The Orissa High Court is Leading the Way in Digitising the Judiciary

The court's new Record Room Digitisation Centre, in conjunction with e-reading devices installed in the courtrooms, allow judges to read scanned and bookmarked copies of case records with just a click of the mouse.

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Bhubaneswar: The Orissa high court has set a new benchmark for record digitisation, a process critical to keeping courts running quickly and smoothly, creating a ‘win-win’ situation for not only the bar and bench, but also the public.

Though work on the digitisation of records began in the high court in 2018, it gained significant momentum after Justice S. Muralidhar became its Chief Justice on January 4 last year. One of the pioneers of the concept of paperless court back when he was a judge of the Delhi high court, Justice Muralidhar gave the digitisation initiative renewed vigour.

After Justice D.Y. Chandrachud, the chairperson of Supreme Court’s e-Committee, inaugurated the high court’s new, state-of-the-art Record Room Digitisation Centre (RRDC) near the Odisha Judicial Academy building in Cuttack on September 11, 2021, as many as 1,56,723 legacy records or ‘disposed-of’ case records had been scanned and digitised by the end of last year.

Justice Chandrachud’s September visit was momentous also because it marked the beginning of the transition of Orissa’s courts and offices to the paperless mode. Since he set the wheels in motion, three more justices from the state’s top court are presiding over paperless courts.

These paperless courts leverage technology to great effect, allowing their judges to read scanned and bookmarked copies of case records on customised ‘Wacom’ e-reading devices which help them navigate through voluminous case records with only the click of a mouse. And Anupam Patra, the man heading the record digitisation project, is confident that work will accelerate further in the days to come and more and more courts will become paperless.

Jitendra Kumar Lenka, secretary of the Orissa High Court Bar Association, is full of praise for the initiative. “Being a ‘court of record’, the high court has to ensure that its legacy records are stored and preserved securely and that access to these documents is not only convenient, but also less time consuming,” Lenka said. “This initiative will not only help lawyers, who can now get certified copies of judgements within an hour, but will also make the job of judges easy. Following digitisation, case records for their reference are now just a click away. Moreover, the litigant public stands to gain equally. It’s a win-win situation that will save both time and money.”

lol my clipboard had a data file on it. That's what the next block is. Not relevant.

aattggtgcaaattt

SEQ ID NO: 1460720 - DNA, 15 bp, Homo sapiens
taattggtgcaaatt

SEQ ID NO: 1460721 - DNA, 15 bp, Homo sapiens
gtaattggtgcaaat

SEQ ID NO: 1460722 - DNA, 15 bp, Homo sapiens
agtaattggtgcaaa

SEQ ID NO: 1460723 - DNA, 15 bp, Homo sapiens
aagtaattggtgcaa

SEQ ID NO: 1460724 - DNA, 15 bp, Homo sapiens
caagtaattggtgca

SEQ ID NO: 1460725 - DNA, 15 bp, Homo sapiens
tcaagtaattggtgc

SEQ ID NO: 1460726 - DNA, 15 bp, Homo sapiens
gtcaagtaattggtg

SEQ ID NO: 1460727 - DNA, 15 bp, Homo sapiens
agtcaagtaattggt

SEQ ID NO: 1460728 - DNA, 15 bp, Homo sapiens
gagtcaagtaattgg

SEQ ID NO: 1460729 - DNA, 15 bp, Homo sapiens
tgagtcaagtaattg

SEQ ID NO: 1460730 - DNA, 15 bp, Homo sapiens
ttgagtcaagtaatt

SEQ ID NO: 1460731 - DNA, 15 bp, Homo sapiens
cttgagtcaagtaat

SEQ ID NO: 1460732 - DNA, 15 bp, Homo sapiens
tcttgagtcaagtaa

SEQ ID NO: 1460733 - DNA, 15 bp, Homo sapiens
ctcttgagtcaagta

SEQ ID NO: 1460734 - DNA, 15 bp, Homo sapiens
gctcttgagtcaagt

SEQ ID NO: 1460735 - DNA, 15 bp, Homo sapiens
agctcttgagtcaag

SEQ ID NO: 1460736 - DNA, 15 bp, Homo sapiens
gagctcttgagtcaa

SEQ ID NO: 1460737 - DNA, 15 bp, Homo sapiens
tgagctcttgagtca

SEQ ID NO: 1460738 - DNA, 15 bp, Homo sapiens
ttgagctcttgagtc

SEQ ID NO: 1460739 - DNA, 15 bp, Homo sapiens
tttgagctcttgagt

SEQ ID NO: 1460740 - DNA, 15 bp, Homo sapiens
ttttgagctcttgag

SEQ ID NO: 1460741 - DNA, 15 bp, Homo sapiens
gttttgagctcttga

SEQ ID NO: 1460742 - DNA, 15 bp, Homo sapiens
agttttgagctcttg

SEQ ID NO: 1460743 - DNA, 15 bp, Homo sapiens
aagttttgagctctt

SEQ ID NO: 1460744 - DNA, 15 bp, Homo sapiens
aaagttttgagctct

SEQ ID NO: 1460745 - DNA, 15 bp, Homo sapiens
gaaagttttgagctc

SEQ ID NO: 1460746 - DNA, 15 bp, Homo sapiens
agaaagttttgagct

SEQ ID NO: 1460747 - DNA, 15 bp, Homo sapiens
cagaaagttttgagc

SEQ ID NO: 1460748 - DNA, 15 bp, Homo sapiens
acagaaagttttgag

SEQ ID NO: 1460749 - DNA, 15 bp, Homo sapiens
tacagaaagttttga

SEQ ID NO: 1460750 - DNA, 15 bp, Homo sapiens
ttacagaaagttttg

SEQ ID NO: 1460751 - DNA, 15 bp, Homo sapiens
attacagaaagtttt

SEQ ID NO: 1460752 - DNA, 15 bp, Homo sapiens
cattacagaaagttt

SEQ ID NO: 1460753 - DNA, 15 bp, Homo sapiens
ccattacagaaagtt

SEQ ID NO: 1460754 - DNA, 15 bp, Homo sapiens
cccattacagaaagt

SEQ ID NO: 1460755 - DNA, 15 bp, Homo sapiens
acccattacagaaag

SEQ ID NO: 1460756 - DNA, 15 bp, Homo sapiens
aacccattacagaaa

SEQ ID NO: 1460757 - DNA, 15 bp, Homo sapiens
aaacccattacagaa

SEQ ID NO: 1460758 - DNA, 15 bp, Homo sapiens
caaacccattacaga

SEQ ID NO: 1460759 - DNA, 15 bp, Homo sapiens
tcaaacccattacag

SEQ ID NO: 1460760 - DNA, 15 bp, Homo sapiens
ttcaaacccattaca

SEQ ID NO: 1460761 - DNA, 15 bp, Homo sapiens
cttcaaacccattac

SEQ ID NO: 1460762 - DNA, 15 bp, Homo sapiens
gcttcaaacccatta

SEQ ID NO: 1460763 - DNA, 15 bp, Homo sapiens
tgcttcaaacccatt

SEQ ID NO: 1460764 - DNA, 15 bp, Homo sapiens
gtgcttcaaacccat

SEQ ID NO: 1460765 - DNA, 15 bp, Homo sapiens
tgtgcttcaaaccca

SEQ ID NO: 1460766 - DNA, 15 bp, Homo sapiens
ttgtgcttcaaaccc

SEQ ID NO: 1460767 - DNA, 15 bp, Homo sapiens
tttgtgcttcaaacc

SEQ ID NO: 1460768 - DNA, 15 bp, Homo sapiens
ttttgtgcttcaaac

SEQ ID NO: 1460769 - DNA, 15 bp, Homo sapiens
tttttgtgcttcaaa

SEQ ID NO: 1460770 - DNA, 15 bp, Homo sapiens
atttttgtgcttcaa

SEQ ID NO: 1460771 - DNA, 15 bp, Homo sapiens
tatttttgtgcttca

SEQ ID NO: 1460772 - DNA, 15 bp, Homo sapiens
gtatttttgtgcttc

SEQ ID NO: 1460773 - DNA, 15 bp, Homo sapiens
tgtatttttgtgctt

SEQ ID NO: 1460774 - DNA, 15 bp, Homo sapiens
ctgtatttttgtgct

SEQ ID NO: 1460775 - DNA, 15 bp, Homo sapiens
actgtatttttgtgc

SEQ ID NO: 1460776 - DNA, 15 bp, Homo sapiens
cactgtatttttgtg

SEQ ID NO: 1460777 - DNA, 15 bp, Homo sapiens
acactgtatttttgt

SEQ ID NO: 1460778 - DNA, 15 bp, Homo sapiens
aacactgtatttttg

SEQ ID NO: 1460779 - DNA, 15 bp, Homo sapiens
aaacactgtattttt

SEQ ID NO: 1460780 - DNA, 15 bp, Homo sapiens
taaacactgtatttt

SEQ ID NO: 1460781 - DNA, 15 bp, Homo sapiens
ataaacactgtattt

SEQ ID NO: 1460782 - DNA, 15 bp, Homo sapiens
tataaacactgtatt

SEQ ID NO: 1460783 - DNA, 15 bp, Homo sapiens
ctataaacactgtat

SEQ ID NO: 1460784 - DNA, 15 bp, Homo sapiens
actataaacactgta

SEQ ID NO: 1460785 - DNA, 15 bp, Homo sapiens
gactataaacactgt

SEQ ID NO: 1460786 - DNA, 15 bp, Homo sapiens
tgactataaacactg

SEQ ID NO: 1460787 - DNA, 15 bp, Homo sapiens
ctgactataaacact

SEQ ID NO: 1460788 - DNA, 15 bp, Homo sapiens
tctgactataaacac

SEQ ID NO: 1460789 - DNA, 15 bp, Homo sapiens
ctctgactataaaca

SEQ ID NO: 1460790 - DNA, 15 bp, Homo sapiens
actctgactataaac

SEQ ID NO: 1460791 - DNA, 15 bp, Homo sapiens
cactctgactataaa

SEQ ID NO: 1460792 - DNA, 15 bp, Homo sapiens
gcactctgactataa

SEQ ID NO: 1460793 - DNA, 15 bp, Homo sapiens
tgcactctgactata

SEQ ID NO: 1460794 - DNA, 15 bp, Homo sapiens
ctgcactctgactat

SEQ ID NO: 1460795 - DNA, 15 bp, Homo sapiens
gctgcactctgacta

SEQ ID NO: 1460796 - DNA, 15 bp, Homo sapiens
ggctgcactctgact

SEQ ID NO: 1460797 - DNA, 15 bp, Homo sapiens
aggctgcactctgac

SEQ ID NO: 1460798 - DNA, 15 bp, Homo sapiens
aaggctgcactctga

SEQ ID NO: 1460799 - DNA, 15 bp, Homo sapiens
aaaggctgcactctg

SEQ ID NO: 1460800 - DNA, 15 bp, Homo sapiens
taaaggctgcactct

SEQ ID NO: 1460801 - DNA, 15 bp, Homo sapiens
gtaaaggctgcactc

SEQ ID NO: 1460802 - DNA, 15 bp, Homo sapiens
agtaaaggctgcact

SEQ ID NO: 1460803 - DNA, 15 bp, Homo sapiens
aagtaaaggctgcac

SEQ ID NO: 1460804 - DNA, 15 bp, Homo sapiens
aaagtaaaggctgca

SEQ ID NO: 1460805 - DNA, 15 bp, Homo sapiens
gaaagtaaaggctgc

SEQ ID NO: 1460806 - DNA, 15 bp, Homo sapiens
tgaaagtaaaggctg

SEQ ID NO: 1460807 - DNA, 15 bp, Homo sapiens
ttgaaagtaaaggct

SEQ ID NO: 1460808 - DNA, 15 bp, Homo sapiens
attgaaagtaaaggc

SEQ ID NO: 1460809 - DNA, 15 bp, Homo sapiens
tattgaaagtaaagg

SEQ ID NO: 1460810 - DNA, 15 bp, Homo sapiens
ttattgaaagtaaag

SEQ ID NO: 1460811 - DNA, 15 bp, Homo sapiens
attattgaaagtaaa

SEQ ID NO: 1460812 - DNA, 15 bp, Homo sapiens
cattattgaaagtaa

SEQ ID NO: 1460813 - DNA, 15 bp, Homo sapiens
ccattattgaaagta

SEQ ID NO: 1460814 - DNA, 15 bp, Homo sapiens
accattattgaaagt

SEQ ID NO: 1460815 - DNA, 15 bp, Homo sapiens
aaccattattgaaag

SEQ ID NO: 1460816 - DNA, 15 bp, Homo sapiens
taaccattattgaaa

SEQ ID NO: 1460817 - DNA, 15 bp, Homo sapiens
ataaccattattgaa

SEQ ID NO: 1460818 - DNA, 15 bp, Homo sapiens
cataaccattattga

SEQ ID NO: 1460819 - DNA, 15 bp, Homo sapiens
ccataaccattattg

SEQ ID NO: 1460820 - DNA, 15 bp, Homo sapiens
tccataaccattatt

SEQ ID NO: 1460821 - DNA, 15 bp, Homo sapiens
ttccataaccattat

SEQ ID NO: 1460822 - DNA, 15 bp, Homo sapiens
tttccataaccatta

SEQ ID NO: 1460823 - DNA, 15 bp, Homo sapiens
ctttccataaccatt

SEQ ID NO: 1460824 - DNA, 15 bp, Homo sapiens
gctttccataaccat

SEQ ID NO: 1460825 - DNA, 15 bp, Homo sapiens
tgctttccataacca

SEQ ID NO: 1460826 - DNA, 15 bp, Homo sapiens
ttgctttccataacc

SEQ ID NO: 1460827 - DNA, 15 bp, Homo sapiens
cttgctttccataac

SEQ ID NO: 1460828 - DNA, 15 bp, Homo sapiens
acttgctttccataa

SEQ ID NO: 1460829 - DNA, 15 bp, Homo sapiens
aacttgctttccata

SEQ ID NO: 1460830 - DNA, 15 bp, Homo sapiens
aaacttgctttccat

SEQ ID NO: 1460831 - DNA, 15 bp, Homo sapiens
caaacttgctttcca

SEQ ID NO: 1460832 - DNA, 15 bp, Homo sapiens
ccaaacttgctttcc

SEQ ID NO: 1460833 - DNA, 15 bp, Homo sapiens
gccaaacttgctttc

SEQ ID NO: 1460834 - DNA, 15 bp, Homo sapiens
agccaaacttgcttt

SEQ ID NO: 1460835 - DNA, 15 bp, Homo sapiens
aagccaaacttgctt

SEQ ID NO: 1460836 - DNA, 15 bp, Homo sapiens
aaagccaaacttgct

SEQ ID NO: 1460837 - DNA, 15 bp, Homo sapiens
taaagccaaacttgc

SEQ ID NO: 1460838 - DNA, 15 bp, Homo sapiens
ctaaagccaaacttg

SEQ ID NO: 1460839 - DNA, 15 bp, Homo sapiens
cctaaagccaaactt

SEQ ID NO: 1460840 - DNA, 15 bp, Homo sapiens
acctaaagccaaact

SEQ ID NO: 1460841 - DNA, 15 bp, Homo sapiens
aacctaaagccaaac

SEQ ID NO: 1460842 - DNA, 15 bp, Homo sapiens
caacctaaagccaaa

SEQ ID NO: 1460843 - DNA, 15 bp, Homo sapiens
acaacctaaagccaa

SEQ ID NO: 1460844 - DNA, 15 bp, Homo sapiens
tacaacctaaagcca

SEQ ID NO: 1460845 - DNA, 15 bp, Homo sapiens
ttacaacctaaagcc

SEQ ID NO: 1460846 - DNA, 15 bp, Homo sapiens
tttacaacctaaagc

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The transition to paperless courts would not have been possible without the establishment of the RRDC, a sprawling complex spread over a two-acre plot located about a kilometre away from the high court building. It is equipped with a state-of-the-art fire-fighting system and surveillance-security measures; two must-have features for a building housing the most important legal records of the state.

The RRDC provides facilities for the storage, digitisation, preservation and retrieval of disposed-of case records or legacy records, all under one roof. These records are now accessible for reference from the court room or any bench over a closed and secure network.

While the digitisation of the existing legacy records is being done on a massive scale, a section of the RRDC has been set aside for fragile records which are so old that it is not possible to open and scan them. This Fragile Record Room contains legacy records dating back to the early-1800s from the Patna, Calcutta and Madras high courts. Before the Orissa high court was established in 1948, cases from Orissa were dealt with mostly by the Patna and Calcutta high courts.

Records in the Fragile Records Room. Photo: Ashutosh Mishra.

Since they cannot be digitised, these fragile records have been kept in their original form under special care for long-term preservation. They include some very interesting records, like that of a case dating back to 1917 that was pleaded by Janaki Nath Bose, an eminent lawyer of his time and father of Cuttack-born freedom fighter Netaji Subhas Chandra Bose.